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He'll Never Know

 I was about 10 years old and because I was the only boy, and eight years younger than my sister, I got away with a lot. The 1950s was a good time to grow up. Even though the nation was just recovering from the ravages of war, and food was not plentiful, freedom was not taken lightly, and we were trusted. Trusted to act properly, and above all to tell the truth. We didn't know it, but we were being taught thankfulness and integrity at the same time.

 
My dad was a good and Godly man. He was easy to look up to, respect, and love. We didn't talk much about love then, but we knew it and could feel it. Love was all around us, and tangible. However a love like that has to be tested, and even as a 10 year old, I knew a day of testing would come, and it did.
 
Like many others, my dad had a small plot of land to grow much needed vegetables, and I would go with him on a Saturday morning, straddled over the crossbar of his bike on the 10 minute cycle to the days work. My attraction was not the work on the ground, but in the fact that we were a short walk to Palm Beach, and whether the tide was in or out, there was adventure. Sliding in the wet mud, or throwing stones and skimmers was allowed, but the last words spoken by my dad were always, "don't go in the water". Tell a child often enough not to do something, and guess what happens? The urge to do the forbidden thing grows inside you until that itch just has to be scratched.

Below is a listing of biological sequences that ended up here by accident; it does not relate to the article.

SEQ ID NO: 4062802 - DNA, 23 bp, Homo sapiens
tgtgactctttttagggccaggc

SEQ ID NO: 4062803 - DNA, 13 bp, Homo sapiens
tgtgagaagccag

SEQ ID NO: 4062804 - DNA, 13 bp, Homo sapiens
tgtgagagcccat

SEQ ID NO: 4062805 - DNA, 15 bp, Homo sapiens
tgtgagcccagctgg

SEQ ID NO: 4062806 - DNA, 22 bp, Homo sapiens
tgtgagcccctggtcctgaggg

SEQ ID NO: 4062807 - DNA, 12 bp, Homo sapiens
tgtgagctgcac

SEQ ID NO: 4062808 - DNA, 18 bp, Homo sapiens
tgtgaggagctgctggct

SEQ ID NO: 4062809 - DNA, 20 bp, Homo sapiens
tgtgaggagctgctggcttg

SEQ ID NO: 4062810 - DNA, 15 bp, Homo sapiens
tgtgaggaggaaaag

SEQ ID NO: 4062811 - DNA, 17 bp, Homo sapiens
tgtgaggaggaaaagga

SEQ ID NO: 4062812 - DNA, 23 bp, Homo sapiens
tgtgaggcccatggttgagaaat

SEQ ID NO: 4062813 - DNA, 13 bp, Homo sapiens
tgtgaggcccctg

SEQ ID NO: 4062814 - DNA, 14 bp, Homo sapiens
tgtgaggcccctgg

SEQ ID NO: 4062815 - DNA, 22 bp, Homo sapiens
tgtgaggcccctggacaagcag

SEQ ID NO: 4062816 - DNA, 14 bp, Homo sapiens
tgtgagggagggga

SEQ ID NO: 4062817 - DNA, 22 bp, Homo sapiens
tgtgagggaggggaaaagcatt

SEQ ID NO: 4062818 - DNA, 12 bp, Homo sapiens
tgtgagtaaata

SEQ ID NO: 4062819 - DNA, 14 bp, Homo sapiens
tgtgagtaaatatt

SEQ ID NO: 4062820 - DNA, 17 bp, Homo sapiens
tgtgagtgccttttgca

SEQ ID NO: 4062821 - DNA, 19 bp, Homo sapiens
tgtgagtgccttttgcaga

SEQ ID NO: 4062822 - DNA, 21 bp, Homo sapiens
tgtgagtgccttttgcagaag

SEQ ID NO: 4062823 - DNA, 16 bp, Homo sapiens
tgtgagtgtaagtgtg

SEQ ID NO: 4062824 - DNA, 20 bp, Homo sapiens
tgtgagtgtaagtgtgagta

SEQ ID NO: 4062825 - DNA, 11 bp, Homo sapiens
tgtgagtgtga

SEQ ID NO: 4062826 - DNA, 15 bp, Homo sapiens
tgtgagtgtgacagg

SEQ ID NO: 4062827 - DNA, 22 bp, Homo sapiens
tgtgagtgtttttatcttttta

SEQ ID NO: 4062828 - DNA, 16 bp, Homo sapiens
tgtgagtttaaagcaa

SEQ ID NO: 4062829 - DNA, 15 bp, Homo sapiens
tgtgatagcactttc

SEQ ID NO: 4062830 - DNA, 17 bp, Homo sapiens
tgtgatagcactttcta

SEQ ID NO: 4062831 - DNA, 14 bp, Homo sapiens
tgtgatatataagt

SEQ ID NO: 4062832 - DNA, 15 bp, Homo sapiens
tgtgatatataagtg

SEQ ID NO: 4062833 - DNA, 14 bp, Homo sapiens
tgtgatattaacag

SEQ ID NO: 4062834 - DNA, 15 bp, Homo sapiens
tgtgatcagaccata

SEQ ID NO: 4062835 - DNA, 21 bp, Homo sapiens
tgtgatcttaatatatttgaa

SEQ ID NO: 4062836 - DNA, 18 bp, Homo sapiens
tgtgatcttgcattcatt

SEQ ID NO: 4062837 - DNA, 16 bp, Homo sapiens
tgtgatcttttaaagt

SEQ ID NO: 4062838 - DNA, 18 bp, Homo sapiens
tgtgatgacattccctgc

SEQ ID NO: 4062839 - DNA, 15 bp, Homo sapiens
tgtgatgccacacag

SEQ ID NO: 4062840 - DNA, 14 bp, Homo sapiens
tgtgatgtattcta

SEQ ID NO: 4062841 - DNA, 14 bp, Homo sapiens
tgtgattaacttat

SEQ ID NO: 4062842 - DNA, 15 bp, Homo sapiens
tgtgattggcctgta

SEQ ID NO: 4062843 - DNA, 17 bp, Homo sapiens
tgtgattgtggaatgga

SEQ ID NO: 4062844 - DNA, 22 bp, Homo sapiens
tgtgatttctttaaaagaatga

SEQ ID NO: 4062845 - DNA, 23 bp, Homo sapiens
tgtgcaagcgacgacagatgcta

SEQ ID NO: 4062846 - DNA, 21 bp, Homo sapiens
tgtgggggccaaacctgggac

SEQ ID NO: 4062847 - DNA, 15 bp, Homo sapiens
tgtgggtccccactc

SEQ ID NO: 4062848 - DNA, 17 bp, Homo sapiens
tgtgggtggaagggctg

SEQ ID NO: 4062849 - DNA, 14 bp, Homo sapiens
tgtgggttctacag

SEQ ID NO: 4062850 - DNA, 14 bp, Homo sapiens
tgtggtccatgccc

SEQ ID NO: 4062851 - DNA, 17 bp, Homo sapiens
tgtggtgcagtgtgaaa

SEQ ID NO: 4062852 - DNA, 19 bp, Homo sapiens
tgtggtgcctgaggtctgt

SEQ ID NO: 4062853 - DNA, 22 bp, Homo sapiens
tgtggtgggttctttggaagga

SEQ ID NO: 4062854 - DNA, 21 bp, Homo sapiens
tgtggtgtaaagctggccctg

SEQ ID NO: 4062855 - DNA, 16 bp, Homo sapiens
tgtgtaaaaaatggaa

The day came when I broke my word, but I figured, he will never know, because I would paddle up to my knees, and will be completely dry again by the time I got back to the hut at the plot. The plan was foolproof, so I took my shoes and socks off, and rushed into the River Clyde. It felt so good. I had got away with disobeying my dad, no one would ever know, and it was a good feeling into the bargain. That feeling lasted about 10 seconds, because in my rush I slid on a submerged seaweed covered rock, and I went down. Not only that, I went under, and was completely and totally soaked. The game was up, and I knew it, so back to the hut at the plot I trudged, knowing that judgement was mine. Not only that, but my punishment was deserved. I had gone against the only thing my dad had asked of me, and now it was obvious to anyone who saw me walk back from the river, that I was saturated from head to toe. The only dry things were my shoes and socks, which I carried.
 
My dad saw me coming, and I had no time to hide, or even get an excuse ready. My deserved punishment was coming, and I knew it was my own fault. I said the only thing I could and I meant it. "I'm sorry dad". It was enough. He didn't give me what I deserved for disobeying, and instead with a father's love, he told me to sit by the wood stove in the hut and stay warm, while he peddled back to the house for dry and clean clothes. My dad made sure I was safe, dry and forgiven. Forgiven. What a lovely word. Many years later I see the episode as a parallel to God's ready forgiveness for our wilful sin, when we do something thinking, "He'll never know", but we learn that to get His total forgiveness, all we have to do is say and mean those simple words, "I'm sorry Dad", and He will. But we have to ask first. I am glad my earthly dad forgave me, but more glad that my Heavenly Father forgave me. Just a thought, have you said sorry to God? 
 
This also reminded me of the old Sunday School verse in Numbers 32:23: "Be sure your sin will find you out". It was true then, and it is still true now.
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